A slight smile came across Edith Fuller’s lips as she asked the pronouncer for the origin and then a definition.
Then the 5-year-old was ready.
“J-N-A-N-A. Jnana,” Edith said.
And with that she became the youngest person to win the 2017 Scripps Green Country Regional Spelling Bee.
Edith beat out more than 50 other students at the Oral Roberts Global Learning Center on Saturday to earn a trip to Washington, D.C., and a spot in the national spelling bee.
“I feel thankful,” said Edith, who represented the TBC Home Education Fellowship in the competition.
The spelling bee featured competitors from elementary and middle schools throughout northeast Oklahoma.
Edith was an early crowd favorite because of her age. But as she began correctly spelling words like odori, colloquial and sevruga, it became clear she was a true contender.
“It’s fun to share her with everyone,” said her mother, Annie Fuller. “I knew she’d be a novelty, so I’m proud she held her own.”
Fuller said the family learned of her daughter’s knack for spelling last summer while they were having dinner together.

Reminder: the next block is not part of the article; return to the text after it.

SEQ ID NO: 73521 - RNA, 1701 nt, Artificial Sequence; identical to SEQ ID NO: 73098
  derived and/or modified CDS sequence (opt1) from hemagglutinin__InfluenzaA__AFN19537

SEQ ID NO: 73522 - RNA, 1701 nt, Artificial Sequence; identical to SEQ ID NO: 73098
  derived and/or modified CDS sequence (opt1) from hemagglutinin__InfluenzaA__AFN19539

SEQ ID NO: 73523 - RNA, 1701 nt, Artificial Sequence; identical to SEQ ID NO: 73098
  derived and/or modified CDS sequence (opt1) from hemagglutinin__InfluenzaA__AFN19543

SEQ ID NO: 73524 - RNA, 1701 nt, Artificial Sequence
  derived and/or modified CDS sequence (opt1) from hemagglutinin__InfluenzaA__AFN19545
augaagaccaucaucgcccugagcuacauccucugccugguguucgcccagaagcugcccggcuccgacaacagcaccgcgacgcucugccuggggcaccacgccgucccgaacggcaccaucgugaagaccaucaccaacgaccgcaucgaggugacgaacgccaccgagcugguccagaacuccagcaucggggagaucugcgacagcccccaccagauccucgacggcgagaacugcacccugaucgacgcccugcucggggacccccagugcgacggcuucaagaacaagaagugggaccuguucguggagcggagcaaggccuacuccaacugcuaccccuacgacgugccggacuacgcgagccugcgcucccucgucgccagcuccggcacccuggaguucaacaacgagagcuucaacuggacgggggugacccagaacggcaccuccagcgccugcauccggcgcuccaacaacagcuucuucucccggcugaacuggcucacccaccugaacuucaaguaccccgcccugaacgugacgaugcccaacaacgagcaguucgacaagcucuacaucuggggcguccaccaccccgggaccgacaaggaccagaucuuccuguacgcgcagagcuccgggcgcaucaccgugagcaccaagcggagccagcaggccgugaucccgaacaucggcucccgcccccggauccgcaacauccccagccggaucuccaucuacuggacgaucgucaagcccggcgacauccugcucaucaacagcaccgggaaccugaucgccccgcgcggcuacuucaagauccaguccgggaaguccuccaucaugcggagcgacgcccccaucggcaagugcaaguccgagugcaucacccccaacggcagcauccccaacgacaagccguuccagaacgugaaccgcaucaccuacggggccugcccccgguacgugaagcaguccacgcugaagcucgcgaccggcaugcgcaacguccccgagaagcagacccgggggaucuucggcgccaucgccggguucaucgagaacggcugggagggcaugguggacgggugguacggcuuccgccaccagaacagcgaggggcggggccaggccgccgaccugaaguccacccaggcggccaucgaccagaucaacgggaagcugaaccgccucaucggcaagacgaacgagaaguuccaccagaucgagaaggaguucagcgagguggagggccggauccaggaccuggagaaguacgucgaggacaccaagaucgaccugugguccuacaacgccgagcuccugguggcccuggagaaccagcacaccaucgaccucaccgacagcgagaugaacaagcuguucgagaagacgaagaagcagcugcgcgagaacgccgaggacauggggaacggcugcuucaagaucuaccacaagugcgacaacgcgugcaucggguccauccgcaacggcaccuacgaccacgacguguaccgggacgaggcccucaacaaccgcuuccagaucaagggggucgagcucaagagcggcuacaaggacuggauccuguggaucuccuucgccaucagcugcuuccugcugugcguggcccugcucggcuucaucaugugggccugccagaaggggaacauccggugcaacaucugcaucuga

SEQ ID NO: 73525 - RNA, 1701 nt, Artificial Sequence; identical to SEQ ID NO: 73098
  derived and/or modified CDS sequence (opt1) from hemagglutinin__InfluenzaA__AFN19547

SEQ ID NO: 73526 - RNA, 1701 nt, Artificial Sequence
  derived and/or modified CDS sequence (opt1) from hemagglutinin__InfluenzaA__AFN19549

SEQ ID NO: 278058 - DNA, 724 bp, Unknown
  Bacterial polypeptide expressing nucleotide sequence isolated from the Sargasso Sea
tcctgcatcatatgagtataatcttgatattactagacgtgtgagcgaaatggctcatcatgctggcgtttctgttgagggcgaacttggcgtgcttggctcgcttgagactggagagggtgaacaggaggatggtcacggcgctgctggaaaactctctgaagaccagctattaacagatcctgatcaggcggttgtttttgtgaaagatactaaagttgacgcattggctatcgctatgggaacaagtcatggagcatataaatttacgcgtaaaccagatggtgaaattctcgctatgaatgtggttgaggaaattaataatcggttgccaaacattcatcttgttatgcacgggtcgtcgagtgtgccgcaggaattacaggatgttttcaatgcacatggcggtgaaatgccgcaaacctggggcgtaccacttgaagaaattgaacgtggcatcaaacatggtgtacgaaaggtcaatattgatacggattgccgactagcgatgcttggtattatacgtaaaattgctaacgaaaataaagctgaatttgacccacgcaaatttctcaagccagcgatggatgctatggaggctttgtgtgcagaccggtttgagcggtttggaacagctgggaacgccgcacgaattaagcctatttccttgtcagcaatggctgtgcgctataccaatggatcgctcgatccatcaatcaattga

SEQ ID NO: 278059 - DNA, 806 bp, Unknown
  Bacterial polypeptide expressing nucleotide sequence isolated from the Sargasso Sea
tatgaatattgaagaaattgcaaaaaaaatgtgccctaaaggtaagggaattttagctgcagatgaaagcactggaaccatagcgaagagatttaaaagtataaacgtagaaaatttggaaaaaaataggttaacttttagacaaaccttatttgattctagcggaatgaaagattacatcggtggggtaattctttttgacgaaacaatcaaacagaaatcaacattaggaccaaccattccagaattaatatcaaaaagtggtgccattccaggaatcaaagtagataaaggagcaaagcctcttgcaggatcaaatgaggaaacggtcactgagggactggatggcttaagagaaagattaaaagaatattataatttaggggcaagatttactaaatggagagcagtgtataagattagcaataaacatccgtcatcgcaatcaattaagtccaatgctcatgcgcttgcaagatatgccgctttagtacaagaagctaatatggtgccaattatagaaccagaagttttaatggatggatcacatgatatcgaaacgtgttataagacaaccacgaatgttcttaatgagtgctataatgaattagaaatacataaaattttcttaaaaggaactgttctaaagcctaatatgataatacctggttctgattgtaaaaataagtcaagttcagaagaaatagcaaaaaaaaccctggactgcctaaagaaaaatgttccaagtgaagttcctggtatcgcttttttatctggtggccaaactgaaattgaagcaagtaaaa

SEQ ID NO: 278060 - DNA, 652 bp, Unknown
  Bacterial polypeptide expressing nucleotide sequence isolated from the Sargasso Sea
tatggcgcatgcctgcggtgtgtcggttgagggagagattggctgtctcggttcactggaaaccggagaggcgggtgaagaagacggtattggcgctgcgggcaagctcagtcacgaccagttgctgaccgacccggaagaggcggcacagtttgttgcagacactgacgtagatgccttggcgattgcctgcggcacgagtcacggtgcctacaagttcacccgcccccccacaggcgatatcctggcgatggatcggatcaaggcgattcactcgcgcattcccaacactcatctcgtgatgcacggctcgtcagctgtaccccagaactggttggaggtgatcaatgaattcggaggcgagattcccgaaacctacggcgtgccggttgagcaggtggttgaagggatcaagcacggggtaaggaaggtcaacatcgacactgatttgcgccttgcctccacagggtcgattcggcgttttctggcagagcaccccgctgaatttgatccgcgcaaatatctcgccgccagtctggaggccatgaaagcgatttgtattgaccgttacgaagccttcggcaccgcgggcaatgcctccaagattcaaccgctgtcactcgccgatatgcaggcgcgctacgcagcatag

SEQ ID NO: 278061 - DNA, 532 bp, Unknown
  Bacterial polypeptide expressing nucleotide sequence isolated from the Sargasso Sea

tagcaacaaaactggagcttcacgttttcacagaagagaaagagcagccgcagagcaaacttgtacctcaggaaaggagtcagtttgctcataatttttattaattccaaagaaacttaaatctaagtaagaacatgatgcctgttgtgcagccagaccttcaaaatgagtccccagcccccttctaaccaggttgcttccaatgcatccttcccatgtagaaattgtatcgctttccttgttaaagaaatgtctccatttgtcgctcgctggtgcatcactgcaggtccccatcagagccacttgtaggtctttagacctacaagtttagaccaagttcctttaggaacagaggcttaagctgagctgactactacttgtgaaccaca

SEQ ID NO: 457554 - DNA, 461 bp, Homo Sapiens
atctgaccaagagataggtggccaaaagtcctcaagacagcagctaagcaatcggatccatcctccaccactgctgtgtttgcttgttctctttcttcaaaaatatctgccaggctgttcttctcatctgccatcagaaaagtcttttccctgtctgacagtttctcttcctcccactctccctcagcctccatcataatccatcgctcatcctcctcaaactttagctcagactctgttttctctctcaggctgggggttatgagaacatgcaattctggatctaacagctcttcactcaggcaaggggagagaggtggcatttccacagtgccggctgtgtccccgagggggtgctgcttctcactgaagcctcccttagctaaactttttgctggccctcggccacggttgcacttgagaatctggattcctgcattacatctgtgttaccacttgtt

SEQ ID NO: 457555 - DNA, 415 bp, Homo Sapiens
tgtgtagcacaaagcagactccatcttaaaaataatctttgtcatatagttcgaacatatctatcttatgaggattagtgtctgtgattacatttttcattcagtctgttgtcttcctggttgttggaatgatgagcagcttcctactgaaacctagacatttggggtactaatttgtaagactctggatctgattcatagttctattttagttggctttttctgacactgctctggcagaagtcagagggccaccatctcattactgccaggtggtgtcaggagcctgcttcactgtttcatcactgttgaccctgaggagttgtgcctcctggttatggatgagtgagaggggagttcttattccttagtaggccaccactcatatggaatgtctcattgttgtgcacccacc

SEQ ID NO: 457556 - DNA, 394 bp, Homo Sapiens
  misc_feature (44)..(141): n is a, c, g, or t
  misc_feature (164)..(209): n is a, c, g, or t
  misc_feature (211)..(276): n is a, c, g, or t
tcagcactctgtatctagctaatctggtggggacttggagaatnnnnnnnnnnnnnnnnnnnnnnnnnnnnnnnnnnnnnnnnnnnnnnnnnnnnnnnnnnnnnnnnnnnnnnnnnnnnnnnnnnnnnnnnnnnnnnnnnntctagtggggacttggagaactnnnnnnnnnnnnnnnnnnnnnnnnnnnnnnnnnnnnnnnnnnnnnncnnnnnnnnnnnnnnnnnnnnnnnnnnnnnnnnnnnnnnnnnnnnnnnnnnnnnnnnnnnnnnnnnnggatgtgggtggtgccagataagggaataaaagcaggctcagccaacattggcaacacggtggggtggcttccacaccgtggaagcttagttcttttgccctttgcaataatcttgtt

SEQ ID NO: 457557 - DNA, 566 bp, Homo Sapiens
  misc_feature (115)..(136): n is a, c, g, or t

The parents were quizzing the kids on spelling, and when Edith spelled “restaurant” without having been taught the word they were impressed.
“We knew there was something special there,” Fuller said.
Edith spent the time leading up to the competition studying words with her mom. Anytime she misspelled a word she would look it up and learn about the word and its spelling.
“Learning the words was so educational. She was able to learn about different countries and cultures and different kinds of food,” Fuller said.
Saturday’s competition lasted more than four hours.
The field of 53 narrowed to three competitors after 18 rounds. At that point, Fuller wandered briefly into the crowd to take a family member a bottle of water.
“She likes to move around,” Fuller said. “I’m surprised she sat still for so long.”
The final three included Fuller, Salma Waheed from Jenks Middle School, and Saisurya Lakkimsetti from Jenks Southeast Elementary School.
Salma finished in third place after stumbling on the word ejoneador.
Saisurya fell two rounds later after he added the letter “e” to the end of the word mandir.
“He worked so hard for this and he loves doing it,” said his mother, Chandana Lakkimsetti. “We’re very proud of his accomplishment.”
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